Monday, December 08, 2008

Lust, Caution

Set in World War II Hong Kong and Shanghai, Ang Lee's Lust, Caution (2007) is a restrained (up to a point) study of a romance between a Chinese collaborator with the Japanese and the resistance agent trying to set him up for assassination. The collaborator is Mr. Yee (Tony Leung Chiu Wai), who oversees a secret police unit that ferrets out resistance fighters and other dissenters, and Wei Tang (Wong Chia Chi), who as a first-year college student joins a student resistance group. She is young and inexperienced, but she joins the group because she is attracted to its leader. At first the students demonstrate their resistance by putting on patriotic plays. After their first production is a success, they decide to take more serious action by plotting to assassinate Mr. Yee. The film details the efforts of the group to set Yee up for murder. They notice he is attracted to the young Wei Tang, so they set her up impersonating the wife of an importer. She uses the name Mak Tai Tai, and she insinuates her way into the social group of Mr. Yee's wife, Yee Tai Tai, with whom she is soon playing mahjong on a regular basis. Her plan is to entice Mr. Yee into an affair.

"Caution" in the title refers both to the precautions that the student take in their plotting against Mr. Yee and also to Mr. Yee himself, who worries about assassination and has numerous bodyguards protecting him. He tells Wei Tang that he doesn't go to the movies (a favorite activity for her) because he doesn't like the dark.

From their first meeting there is a real attraction between Wei Tang and Mr. Yee, but it takes three years for an affair to begin. When it does begin, the "Lust" aspect of the title comes into play. The love scenes are graphic and intensely erotic. While Mr. Yee at first begins the affair as an aggressive and even abusive lover, he is soon fully in love with Wei Tang. She reciprocates, even while she continues to plot with her fellow resistance fighters his assassination. When he buys her a beautiful and expensive ring, a gesture which both of them seem to recognize as a more formal and serious profession of his love for her, she has the opportunity to set up his murder. Then she must decide whether to be faithful to her comrades or to her lover.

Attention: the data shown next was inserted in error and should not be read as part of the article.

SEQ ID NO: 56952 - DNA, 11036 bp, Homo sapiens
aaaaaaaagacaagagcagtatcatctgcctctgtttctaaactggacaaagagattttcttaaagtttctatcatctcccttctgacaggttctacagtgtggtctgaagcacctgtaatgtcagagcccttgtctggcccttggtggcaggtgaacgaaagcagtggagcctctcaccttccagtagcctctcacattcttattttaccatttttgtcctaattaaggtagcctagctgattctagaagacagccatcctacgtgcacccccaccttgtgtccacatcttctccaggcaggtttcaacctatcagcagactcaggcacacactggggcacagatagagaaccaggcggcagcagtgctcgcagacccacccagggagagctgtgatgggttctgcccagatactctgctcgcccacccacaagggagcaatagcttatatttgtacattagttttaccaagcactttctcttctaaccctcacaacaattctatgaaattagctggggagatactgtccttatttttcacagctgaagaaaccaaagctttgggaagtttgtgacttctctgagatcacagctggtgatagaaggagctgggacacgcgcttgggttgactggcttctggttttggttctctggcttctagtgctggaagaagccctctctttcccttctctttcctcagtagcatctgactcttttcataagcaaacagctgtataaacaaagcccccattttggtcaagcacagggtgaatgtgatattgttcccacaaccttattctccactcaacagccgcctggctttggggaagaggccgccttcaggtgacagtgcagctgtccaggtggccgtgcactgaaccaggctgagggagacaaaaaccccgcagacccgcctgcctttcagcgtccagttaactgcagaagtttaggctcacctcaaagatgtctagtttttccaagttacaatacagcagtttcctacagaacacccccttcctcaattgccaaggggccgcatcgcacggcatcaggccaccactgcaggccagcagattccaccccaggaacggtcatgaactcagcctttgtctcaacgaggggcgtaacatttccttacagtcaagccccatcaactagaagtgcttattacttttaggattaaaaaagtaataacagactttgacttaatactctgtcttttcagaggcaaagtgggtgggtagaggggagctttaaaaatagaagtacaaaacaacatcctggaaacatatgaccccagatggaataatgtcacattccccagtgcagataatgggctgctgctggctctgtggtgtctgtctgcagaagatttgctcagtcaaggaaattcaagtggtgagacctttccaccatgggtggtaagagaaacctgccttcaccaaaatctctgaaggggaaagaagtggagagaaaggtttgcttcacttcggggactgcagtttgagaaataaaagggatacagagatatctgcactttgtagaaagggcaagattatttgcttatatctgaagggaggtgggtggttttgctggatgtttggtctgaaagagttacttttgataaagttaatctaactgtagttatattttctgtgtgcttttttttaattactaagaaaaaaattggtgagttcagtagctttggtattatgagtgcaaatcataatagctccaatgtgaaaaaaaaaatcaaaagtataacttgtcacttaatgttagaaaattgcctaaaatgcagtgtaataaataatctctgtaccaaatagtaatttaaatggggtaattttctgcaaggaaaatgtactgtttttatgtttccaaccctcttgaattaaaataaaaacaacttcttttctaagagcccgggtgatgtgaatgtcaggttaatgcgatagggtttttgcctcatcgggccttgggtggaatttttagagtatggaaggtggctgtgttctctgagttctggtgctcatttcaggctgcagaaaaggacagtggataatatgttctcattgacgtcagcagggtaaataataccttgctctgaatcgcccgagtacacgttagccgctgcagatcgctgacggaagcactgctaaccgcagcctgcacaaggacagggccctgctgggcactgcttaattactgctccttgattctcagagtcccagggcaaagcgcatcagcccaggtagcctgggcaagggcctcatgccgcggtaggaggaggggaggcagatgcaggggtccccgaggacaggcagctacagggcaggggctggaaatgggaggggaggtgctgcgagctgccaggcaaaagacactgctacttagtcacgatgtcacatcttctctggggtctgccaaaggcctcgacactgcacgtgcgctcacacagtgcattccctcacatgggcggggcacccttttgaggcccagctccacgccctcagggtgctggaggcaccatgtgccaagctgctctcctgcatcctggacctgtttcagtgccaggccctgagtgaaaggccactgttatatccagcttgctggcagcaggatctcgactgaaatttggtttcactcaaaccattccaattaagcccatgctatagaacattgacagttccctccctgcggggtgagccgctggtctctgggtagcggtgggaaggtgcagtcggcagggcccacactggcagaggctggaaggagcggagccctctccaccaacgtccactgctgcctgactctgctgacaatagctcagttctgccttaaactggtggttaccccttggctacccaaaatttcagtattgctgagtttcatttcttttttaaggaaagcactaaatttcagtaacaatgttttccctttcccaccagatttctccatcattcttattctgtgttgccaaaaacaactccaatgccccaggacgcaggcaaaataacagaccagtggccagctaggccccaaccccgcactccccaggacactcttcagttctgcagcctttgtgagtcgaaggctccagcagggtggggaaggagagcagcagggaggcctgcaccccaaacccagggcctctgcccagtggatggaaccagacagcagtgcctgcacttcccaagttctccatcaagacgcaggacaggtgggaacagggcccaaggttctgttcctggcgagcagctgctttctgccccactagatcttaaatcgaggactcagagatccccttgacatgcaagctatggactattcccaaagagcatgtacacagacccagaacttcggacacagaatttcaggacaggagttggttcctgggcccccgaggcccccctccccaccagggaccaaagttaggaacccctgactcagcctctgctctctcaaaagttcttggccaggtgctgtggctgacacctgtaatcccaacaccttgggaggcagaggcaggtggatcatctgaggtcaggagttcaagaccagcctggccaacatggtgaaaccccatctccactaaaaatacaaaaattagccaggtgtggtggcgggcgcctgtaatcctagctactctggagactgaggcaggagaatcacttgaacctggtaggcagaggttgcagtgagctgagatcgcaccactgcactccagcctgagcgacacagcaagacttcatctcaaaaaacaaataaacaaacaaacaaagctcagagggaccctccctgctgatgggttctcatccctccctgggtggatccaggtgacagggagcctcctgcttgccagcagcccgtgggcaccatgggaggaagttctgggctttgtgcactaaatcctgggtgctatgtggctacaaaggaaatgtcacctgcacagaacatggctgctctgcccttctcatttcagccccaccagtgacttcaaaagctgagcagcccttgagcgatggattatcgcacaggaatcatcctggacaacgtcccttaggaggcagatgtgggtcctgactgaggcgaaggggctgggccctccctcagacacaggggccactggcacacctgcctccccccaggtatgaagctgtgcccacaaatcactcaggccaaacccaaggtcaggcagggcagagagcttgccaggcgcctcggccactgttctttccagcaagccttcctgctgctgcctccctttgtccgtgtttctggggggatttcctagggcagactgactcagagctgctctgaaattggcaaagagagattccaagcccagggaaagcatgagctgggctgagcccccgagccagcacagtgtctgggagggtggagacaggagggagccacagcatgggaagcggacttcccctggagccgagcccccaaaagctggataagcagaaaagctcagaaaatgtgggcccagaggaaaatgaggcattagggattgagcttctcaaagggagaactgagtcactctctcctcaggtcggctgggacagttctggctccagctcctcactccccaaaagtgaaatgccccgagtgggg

In such films as The Ice Storm (1997) and Brokeback Mountain (2005) Ang Lee has shown his ability to dramatize repressed tension and desire. He uses that tension to great effect here—sexual tension, suspense. He also illuminates an aspect of Chinese society just before the Second World War that is largely unknown to many westerners. Shanghai, like Hong Kong, is a British colony, and there are a number of scenes when Westerners appear in various roles, especially as waiters at a restaurant. Many affluent Chinese people are shown living what appears to be a western lifestyle. Wei Tang speaks several dialects of Chinese as well as some English.

One can sense early in the film the tragic course the plot will follow. The interest of the film stems from the two main characters, their love affair, and the way in which events work themselves out. The film's plot—about a love affair between bitter enemies—is not that novel, but Ang Lee's treatment of it is successful nonetheless.

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